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Unit Testing a class that requests data from multiple sources


I’m working on a project that pulls data from AWS using the various AWS SDKs for .NET. This specific example deals with the AWSSDK.IdentityManagement SDK

The goal is to query information from IAmazonIdentityManagementService and map it to a model that is helpful to the business domain I’m working in

I’ve been tasked with writing unit tests for the IamService class.


With the Unit Test setups being so verbose, I can’t help but think the method I’m Unit Testing (GetIamSummaryAsync) must be constructed poorly.

I’ve googled around for things like “Design patterns for mapping multiple data sources to single objects”, but the only advice I see given is to use the Adapter or Proxy patterns. I’m not sure how to apply them to this scenario


  • Is there a better way I could construct my IamService class to make it easier (more succinct) to test?
  • If the Adapter or Proxy patterns are appropriate for this type of scenario, how would they be applied?
public class IamService : IIamService
    IAmazonIdentityManagementService _iamClient;

    public IamService(IAmazonIdentityManagementService iamClient)
        _iamClient = iamClient;

    public async Task<IamSummaryModel> GetIamSummaryAsync()
        var getAccountSummaryResponse           = await _iamClient.GetAccountSummaryAsync();
        var listCustomerManagedPoliciesResponse = await _iamClient.ListPoliciesAsync();
        var listGroupsResponse                  = await _iamClient.ListGroupsAsync();
        var listInstanceProfilesResponse        = await _iamClient.ListInstanceProfilesAsync();
        var listRolesResponse                   = await _iamClient.ListRolesAsync();
        var listServerCertificatesResponse      = await _iamClient.ListServerCertificatesAsync();
        var listUsersResponse                   = await _iamClient.ListUsersAsync();

        IamSummaryModel iamSummary = new IamSummaryModel();

        iamSummary.CustomerManagedPolicies.Count = listCustomerManagedPoliciesResponse.Policies.Count;
        iamSummary.CustomerManagedPolicies.DefaultQuota = getAccountSummaryResponse.SummaryMap("PoliciesQuota");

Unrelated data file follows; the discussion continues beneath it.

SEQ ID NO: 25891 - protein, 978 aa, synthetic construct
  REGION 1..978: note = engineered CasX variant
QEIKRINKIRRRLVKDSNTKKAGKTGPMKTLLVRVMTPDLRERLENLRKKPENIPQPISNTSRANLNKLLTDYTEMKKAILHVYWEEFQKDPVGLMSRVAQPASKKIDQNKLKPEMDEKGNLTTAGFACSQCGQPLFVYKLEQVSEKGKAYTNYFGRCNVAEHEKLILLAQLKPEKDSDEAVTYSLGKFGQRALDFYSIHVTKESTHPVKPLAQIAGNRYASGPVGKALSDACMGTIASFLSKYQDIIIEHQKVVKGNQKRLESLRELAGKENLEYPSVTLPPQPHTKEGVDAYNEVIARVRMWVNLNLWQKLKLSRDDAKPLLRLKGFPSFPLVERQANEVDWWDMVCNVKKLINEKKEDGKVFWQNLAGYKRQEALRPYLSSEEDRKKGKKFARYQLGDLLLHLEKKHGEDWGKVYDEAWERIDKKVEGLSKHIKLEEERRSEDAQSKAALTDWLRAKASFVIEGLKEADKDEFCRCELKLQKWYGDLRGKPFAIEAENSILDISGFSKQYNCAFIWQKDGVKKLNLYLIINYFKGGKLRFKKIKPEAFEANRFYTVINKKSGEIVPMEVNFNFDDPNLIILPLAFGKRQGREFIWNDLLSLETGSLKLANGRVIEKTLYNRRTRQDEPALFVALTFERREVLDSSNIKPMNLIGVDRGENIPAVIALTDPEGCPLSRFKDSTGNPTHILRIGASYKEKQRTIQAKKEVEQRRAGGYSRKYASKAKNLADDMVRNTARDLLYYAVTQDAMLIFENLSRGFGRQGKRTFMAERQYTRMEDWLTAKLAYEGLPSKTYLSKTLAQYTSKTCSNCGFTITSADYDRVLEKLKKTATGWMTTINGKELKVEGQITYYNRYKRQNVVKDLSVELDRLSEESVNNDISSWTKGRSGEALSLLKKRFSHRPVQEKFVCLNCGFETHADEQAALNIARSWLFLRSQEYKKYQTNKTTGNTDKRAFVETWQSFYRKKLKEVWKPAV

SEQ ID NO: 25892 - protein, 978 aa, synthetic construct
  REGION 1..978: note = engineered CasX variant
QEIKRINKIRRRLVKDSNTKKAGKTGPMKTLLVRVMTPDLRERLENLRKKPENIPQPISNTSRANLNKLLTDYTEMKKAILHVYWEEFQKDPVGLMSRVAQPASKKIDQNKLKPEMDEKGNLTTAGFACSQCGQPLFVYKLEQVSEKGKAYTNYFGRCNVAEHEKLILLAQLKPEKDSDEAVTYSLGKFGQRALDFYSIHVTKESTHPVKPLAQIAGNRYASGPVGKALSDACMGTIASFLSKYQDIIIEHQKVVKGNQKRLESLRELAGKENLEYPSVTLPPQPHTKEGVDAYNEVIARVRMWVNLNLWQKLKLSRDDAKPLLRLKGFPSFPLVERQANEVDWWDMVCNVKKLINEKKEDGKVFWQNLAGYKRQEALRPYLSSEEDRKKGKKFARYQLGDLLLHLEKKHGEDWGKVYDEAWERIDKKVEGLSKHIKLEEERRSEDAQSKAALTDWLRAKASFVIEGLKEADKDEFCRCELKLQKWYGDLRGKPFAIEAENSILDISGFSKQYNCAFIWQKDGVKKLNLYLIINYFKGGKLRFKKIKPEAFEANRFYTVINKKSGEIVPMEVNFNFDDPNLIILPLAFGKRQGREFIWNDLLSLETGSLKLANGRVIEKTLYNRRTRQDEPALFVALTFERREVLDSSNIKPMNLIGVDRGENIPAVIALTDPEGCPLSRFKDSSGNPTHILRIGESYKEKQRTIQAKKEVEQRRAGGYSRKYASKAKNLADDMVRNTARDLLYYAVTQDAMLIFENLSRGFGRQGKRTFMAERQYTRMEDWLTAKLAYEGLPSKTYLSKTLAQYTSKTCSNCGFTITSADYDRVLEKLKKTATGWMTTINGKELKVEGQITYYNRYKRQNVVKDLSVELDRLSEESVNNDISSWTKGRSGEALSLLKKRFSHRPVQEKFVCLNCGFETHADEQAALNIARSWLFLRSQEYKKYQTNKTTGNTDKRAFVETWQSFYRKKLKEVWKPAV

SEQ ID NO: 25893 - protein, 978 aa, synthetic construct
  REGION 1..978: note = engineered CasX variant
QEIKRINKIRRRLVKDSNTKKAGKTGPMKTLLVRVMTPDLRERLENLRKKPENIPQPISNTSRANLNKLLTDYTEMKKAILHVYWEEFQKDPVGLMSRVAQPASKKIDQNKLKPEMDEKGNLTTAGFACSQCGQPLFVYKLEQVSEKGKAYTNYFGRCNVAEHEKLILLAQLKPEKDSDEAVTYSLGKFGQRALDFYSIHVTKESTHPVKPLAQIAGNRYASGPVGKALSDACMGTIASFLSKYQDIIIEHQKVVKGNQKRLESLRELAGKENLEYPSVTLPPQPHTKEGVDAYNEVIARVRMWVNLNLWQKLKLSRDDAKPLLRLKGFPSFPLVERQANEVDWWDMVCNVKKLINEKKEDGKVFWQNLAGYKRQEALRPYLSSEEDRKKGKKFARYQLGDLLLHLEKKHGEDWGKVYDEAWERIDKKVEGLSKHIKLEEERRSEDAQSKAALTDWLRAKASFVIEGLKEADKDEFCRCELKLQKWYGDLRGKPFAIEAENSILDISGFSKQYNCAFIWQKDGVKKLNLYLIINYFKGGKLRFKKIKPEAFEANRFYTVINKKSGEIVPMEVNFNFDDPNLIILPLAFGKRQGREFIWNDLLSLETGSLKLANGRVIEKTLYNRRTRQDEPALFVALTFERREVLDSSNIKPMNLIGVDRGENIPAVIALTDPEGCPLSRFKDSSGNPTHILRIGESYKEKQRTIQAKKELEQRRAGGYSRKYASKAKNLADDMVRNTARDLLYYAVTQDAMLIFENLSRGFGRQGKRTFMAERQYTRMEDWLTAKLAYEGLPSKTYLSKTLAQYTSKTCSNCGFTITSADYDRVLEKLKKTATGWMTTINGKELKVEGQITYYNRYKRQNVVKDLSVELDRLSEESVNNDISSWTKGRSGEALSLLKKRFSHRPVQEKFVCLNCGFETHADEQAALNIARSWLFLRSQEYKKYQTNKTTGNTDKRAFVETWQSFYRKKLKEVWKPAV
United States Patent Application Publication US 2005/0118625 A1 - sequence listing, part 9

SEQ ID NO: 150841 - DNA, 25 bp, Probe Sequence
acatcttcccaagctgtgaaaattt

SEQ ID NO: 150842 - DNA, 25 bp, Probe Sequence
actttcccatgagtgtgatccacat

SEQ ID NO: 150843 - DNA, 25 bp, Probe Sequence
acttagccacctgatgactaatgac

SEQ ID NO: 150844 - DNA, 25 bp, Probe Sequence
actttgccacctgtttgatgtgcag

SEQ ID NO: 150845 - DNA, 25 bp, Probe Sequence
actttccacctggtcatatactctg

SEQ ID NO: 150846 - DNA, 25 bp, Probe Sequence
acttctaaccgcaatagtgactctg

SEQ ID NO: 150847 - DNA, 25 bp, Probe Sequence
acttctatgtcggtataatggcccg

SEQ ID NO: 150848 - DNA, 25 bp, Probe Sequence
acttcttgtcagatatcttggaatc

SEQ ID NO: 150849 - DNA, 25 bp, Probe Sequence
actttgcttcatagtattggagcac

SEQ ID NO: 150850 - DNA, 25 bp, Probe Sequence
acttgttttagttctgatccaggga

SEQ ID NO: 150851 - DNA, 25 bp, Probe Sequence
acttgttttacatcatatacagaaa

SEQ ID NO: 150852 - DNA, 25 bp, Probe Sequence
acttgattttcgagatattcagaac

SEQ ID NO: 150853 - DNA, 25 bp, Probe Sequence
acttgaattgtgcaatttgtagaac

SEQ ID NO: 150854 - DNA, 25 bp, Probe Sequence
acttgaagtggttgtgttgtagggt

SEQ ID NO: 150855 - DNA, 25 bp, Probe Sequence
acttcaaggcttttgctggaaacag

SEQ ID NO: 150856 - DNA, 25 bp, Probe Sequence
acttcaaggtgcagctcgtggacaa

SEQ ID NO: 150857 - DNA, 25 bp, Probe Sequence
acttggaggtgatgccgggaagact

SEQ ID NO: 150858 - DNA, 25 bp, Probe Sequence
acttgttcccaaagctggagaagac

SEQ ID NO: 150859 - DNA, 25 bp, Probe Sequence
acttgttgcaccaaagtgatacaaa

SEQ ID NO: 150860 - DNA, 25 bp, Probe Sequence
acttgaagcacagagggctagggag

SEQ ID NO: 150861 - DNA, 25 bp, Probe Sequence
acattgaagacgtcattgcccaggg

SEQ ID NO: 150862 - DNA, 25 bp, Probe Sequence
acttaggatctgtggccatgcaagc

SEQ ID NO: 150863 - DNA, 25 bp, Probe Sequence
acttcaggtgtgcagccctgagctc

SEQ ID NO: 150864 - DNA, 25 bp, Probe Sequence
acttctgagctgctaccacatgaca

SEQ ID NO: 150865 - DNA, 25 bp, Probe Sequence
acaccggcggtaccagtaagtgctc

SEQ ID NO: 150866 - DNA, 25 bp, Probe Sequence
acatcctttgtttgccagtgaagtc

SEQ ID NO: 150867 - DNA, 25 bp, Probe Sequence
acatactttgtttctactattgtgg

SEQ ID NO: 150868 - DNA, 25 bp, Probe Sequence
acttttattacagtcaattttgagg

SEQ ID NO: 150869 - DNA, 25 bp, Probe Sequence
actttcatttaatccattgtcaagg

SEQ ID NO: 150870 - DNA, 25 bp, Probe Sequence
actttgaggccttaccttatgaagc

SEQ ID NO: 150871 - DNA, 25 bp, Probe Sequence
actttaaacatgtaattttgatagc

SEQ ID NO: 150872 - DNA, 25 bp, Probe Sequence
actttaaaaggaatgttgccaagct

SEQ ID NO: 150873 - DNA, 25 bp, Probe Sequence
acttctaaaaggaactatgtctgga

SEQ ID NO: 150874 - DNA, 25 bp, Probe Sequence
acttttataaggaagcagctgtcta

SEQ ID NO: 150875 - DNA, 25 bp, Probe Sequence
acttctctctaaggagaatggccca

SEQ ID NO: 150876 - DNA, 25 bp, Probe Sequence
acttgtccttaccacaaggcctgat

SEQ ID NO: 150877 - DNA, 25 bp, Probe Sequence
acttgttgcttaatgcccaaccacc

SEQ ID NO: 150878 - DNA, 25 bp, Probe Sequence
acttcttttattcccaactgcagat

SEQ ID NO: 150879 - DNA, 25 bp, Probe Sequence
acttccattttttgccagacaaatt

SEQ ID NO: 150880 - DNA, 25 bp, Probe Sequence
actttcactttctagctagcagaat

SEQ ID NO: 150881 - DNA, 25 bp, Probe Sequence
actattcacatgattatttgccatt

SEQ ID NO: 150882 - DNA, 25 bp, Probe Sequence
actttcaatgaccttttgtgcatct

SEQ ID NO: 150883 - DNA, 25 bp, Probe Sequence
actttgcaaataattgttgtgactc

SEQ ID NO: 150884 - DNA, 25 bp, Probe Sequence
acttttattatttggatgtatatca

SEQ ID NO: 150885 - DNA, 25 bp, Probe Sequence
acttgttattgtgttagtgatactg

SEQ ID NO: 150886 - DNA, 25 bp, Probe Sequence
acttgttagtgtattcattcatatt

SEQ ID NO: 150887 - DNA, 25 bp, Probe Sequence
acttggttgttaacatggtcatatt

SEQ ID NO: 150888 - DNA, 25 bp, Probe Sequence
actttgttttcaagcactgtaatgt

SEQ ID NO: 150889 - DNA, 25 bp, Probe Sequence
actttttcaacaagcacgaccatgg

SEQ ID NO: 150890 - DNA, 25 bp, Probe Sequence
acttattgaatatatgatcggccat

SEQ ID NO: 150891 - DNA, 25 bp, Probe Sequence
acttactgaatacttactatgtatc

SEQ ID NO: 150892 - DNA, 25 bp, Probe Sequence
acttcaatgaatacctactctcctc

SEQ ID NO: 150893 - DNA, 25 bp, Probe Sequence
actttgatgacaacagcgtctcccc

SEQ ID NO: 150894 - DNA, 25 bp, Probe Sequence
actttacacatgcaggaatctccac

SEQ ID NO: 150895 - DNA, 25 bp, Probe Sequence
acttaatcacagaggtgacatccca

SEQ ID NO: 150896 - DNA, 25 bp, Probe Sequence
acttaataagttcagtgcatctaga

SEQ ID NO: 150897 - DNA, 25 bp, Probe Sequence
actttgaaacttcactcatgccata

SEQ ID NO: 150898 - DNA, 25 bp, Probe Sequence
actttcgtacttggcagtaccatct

iamSummary.Groups.Count = listGroupsResponse.Groups.Count;
        iamSummary.Groups.DefaultQuota = getAccountSummaryResponse.SummaryMap("GroupsQuota");

        iamSummary.InstanceProfiles.Count = listInstanceProfilesResponse.InstanceProfiles.Count;
        iamSummary.InstanceProfiles.DefaultQuota = getAccountSummaryResponse.SummaryMap("InstanceProfilesQuota");

        iamSummary.Roles.Count = listRolesResponse.Roles.Count;
        iamSummary.Roles.DefaultQuota = getAccountSummaryResponse.SummaryMap("RolesQuota");

        iamSummary.ServerCertificates.Count = listServerCertificatesResponse.ServerCertificateMetadataList.Count;
        iamSummary.ServerCertificates.DefaultQuota = getAccountSummaryResponse.SummaryMap("ServerCertificatesQuota");

        iamSummary.Users.Count = listUsersResponse.Users.Count;
        iamSummary.Users.DefaultQuota = getAccountSummaryResponse.SummaryMap("UsersQuota");

        return iamSummary;

Where the class IamSummaryModel is defined as:

public sealed class IamSummaryModel
    public ResourceSummaryModel CustomerManagedPolicies { get; set; } = new ResourceSummaryModel();
    public ResourceSummaryModel Groups { get; set; } = new ResourceSummaryModel();
    public ResourceSummaryModel InstanceProfiles { get; set; } = new ResourceSummaryModel();
    public ResourceSummaryModel Roles { get; set; } = new ResourceSummaryModel();
    public ResourceSummaryModel ServerCertificates { get; set; } = new ResourceSummaryModel();
    public ResourceSummaryModel Users { get; set; } = new ResourceSummaryModel();

public sealed class ResourceSummaryModel
    public int Count { get; set; }